Date: Tue, 8 Oct 1996 12:25:24 -0700 Subject: [Atheist] AANEWS for October 8, 1996 A M E R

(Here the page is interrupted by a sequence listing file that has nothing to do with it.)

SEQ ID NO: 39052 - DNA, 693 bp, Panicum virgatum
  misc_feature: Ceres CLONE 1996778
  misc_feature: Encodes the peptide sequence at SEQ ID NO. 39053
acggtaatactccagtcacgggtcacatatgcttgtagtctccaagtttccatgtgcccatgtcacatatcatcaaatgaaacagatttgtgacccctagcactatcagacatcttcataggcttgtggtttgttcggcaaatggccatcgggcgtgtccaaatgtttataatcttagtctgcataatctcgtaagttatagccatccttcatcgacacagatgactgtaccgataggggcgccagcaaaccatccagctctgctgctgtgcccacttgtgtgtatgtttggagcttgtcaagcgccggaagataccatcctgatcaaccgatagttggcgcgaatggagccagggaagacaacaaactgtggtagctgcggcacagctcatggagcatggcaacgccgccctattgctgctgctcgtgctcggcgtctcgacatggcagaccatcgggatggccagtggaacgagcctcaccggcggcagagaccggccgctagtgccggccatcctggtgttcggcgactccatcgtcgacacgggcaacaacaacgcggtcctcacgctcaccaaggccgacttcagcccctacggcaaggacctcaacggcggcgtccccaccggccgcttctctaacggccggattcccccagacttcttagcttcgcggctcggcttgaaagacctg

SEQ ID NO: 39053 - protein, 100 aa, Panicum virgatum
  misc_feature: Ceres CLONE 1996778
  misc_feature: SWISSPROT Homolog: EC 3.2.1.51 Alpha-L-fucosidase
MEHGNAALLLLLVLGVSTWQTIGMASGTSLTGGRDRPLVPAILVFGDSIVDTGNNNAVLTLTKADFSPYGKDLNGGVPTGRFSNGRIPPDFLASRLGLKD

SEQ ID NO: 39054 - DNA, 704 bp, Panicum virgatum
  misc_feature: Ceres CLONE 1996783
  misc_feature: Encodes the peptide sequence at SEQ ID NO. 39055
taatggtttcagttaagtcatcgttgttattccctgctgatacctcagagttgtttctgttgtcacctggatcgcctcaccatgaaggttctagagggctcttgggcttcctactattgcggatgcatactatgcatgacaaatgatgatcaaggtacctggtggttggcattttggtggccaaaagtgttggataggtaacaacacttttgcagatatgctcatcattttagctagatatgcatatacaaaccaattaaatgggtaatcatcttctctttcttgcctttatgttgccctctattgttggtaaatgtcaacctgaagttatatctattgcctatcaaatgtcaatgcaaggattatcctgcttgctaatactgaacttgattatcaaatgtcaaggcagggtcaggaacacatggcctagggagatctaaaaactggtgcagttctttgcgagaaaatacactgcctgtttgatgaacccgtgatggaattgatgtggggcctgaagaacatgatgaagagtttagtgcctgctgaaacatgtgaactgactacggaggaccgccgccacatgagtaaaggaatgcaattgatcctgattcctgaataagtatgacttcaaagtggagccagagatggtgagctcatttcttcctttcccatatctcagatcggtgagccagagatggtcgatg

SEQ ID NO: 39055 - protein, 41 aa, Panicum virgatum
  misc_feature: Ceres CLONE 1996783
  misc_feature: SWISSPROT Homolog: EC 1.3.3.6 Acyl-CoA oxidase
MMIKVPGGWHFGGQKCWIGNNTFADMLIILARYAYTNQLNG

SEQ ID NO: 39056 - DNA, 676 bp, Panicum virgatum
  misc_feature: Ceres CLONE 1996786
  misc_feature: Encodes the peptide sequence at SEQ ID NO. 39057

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Date: Tue, 8 Oct 1996 12:25:24 -0700 Subject: [Atheist] AANEWS for October 8, 1996 From: Reply-To:, A M E R I C A N A T H E I S T S nnnnnnnnnnnnnnnnnnnnnnnnnnnnnnnn nnnnnnnnnn AANEWS nnnnnnnnnn #174 uuuuuuuuuuuuuuuuuuuu 10/8/96 (Nightowl Edition) In This Issue... * Taliban -- "One Nation Under God" * Unsolved Mystery? What Happened To The Religious Equality Amendment? * About This List... Afghanistan Update... TALIBAN OFFENSIVE STALLING ? The military juggernaut which has shocked both supporters and foes of Afghanistan's Islamic Taliban militia may have stalled in the last 24-hours, amidst warnings from a powerful Uzbek warlord and unexpected resistence from a deposed army commander. General Abdul Rashid Dostrum, who controls six northern provinces in Afghanistan not currently under Taliban occupation, warned the fundamentalist militia to stop its bombardment of former government troops now dug in within the Panshir Valley. The confrontation between Taliban and troops loyal to General Ahmad Shah Massood promises to be a classic military dilemma, which has repeated before throughout history. Even invading Soviet armies in 1989 were unable to occupy the Panshir; the New York Times today noted that "Now the Taliban are trying to do what the Soviet troops never could: defeat Massoud (sic) in his lair). Developments since our last dispatch: * Western analysts now have enough of a fix on the Order of Battle concerning all sides in the Afghan conflict, and have concluded that Taliban could probably not defeat a combined, unified counter attack from both the Tajik forces of Masood and Dostrum's National Islamic Movement. Taliban could also incur substantial, even crippling losses even if it does manage to successfully take the Panshir. * Is Uzbekistan giving covert support to Dostrum? A Pakistani delegation arrived there last night to "discuss ways of preventing fighting between Taliban and General Dostrum," according to the London Times. There are reports that Uzbekistan is worried about the political and territorial ambitions of the Pakistanis, who have emerged as a powerful regional force. And The Religious Madness Goes On... Taliban mullahs continue to announce draconian restrictions on all areas of social, political and personal life; is this a trend which could result in a popular uprising against the fanatical fundamentalist government which now presides over Kabul and most of the country? * "Taliban is rule-crazy," notes The Times. Mullah's have now outlawed caged pet birds; the only reason which we have found so far for this peculiar edict is that "Canaries are banned because they sing," a prohibition which could be related to the clerical ban on videos and music. There are also now restrictions concerning clothing which men may wear -- recall that one of the first Taliban edicts issued by the power-crazed mullahs ordered women to wear full clothing, head to foot. Shirts and trousers for men have "disappeared," and men are also now being ordered by militia troops to cover their arms down to the wrist. Most are now wearing robes. * Attendance at public prayer sessions is now mandatory. Each mosque has been order to form a "shura" or council which will record names of all neighborhood males, and check for compliance five times a day. "Come 4:30 a.m., the streets are full of bleary-eyed men following the muezzin's call," notes The Times. * Card games and chess have also been banned since they are said to encourage gambling. The war on women continues, and there are reports that women (even when fully garbed) are receiving beatings on the street because of a rule confining them to the home except for shopping chores. * "A married couple riding on the same bicycle on the way to the market were beaten for being physically too close in public..." This incident is eerilly reminiscent of recent outbursts of fundamentalist religiosity and theopolitical correctness in Iran, where religious zealots have attacked women bike riders and protested similar mixed-sex recreational activities. * A Taliban statement broadcast by Kabul radio declared that the "reforms" enacted by the new regime were "a matter of pleasure to the Afghan women whose rights and privileges are protected by the sacred Islam religion..." * The Washington Post reports that as many as 250,000 people have fled north before the Taliban advance into the Afghan capital of Kabul. This enormous migration, say aid organizations with volunteers on the ground, consists of "primarilly educated people of financial means whose modern lifestyles clash with the Taliban's extreme interpretation of fundamentalist Islam." Not everyone, though, has been able to flee the country. Taliban militia have been reportedly preventing whole families from boarding buses headed for the border. Ironically, other refugees have headed into Pakistan, which is the primary backer and quartermaster for the Taliban army. An International Response Grows -- But Slowly... Taliban's reign of terror has not yet elicited anywhere near a cohesive and articulated response from most nations, including those of the European Union. But yesterday, United Nations Secretary General Boutros Boutros-Ghali warned the Taliban rulers of "serious repercussions" if the clerics continued their assult on women. While Taliban has not yet attempted to claim Afghanistan's seat at the U.N., the world body, which works with a number of private relief groups, is the most important source of aid to the country. But the New York Times reports that any U.N. call for sanctions or other measures on behalf of women and individual rights is essentially a challenge to fundamentalist Islamic law. The United Nations "is entering difficult territory," notes the Times, since many nations with Muslim majorities already "discriminate against women in various ways, though seldom so totally as the Taliban has done." "And in some of these countries other practices widely considered to be violations of women's right, like involuntary genital mutilation, take place..." **** WHAT HAPPENED TO THE ''RELIGIOUS FREEDOM AMENDMENT'' ? With the 104th Congress now headed home and many legislators facing a tough re-election battle, among the pieces of unfinished business languishing in the bill hopper is the so-called Religious Freedom Amendment. Several weeks ago, AANEWS reported that this proposal -- formerly labeled the Religious Equality Amendment -- had suddenly been resurrected from Capitol Hill limbo, and fast-tracked for a vote. That legislation would permit a wide range of religious expression in public institutions, including school prayer and other related activities in classrooms. The Amendment has a convoluted and checkered history. It began as a proposal from the Christian Coaltion, and was presented eighteen months ago when the powerful religious lobby unveiled its "Contract With the American Family," a morals-agenda supplement to the Republican "Contract With America." The new House Speaker, Rep. Newt Gingrich, promised a working version of the Amendment in time for a floor vote prior to July 4, 1995. He doled out the task to Rep. Ernest Istook (R-Oklahoma), who then huddled with representatives of nearly a dozen religious-right groups including the Christian Coalition, Christian Legal Society, Eagle Forum and Family Research Council in hopes of drafting a legislation all could agree on. That task proved to be insurmountable. All of the groups agreed that some form of a "religious equality" proposal was necessary in order to legalize school prayer, but soon two different versions emerged, with different groups throwing their supporting behind one or the other proposal. Following a round of widely-publicized hearings in several cities, both amendments seemed to wither on the legislative vine. In July of this year, what appeared to be a compromise version of the Amendment -- the so-called Hyde proposal, named after Rep. Henry Hyde -- was resurrected. It read: "Proposing an amendment to the Constitution of the United States to further protect religious freedom, including the right of students in public schools to pray without government sponsorship or compulsion, by clarifying the proper construction of any prohibition on laws respecting an establishment of religion. "In order to secure the right of the people to acknowledge and serve God according to the dictates of conscience, neither the United States nor any State shall deny any person equal access to a benefit, or otherwise discriminate against any person, on account of religious belief, expression or exercise. This amendment does not authorize government to coerce or inhibit religious belief, expression or exercise." Critics noted that the proposed Amendment "gutted" the Establishment Clause of the First Amendment, and targeted a key objective of religious right wrath -- the "Lemon Test" or "three pronged" standard which originated in the LEMON v. KURTZMAN Supreme Court suit. That test enjoined government from engaging in any activity which was not primarilly secular, served to promote religion or one religion over another, or resulted in the "excessive entanglement" between religion and government. Obviously, standards like LEMON were a substantial obstacle toward prayer in public schools, even the seemingly more benign religious exercises such as "student initiated" prayer. With a Religious Equality Amendment, LEMON and other state-church separation guidelines were effectively viscerated. Hyde's proposal was christened the Religious Freedom Amendment; its introduction onto Capitol Hill caught a number of civil liberties groups off guard, and there was little warning for the one day "hearing" orchestrated by the House Constitution Subcommittee of the Judiciary Committee. News accounts attributed the sudden appearance of this sanitized and re-worked prayer legislation to the efforts of the Amendment's other author, Rep. Dick Armey of Texas, the House #2 Republican. There was also another factor: the Christian Coalition wanted a floor vote on as many bills relating to its "Contract With the American Family" as could possibly be arranged. At the August Republican Convention, Coalition Director Ralph Reed promised that such floor votes would become part of the legislative record, and end up in the approximately 60,000,000 "voters guides" slated for distribution this month through the group's network of nearly 100,000 churches. Among the legislation hastilly brought to the floor was the Defense of Marriage Act, certain portions of the Welfare Reform Act, the Communications Decency Act, and (conveniently for the Coalition), a vote to overturn President Clinton's veto of the so-called Partial Birth Abortion Ban. But the Hyde-Istook bill, the Religious Freedom Amendment, never got out of the subcommittee. What happened? According to the latest Church & State Magazine, one reason may be the divisiveness which has plagued efforts at enacting workable legislation and the specific proposals of Rep. Ernest Istook. On September 12, Istook held a press conference to call for a vote on his version of the school prayer amendment, and was "angry because the House leadership has spurned his proposal in favor of a competing measure introduced by Majority leader Dick Armey (R-Texas)." The squabble between the different prayer camps has to do with the wording, and how much emphasis is placed on classroom religious exercise. The Hyde-Armey proposal does not specifically emphasize school prayer to the extent the Istook version does; but legal opinion says that both would clearly permit an unprecedented range of prayer and other religious exercise in public schools and other government-public venues. The split ultimately pits backers of the Istook version with those groups supporting the Hyde-Armey model. The former has the support of Focus on the Family, the American Family Association and Beverley LaHaye's Concerned Women for America. The Hyde-Armey wording appeals to the Christian Legal Soiciety and the National Association of Evangelicals. Church & State notes that the Christian Coalition is willing to support either plan. Regardless of the outcome of the November elections -- and whether or not Republicans continue to control both the House and Senate -- some version of a Religious Equality Amendment is likely to rear its head when the 105th Congress meets next year in Washington. *** About This List... AANEWS is a free service from American Atheists, a nationwide movement founded by Madalyn Murray O'Hair for the advancement of Atheism, and the total, absolute separation of government and religion. For information about American Atheists, send mail to and include your name and postal mailing address. 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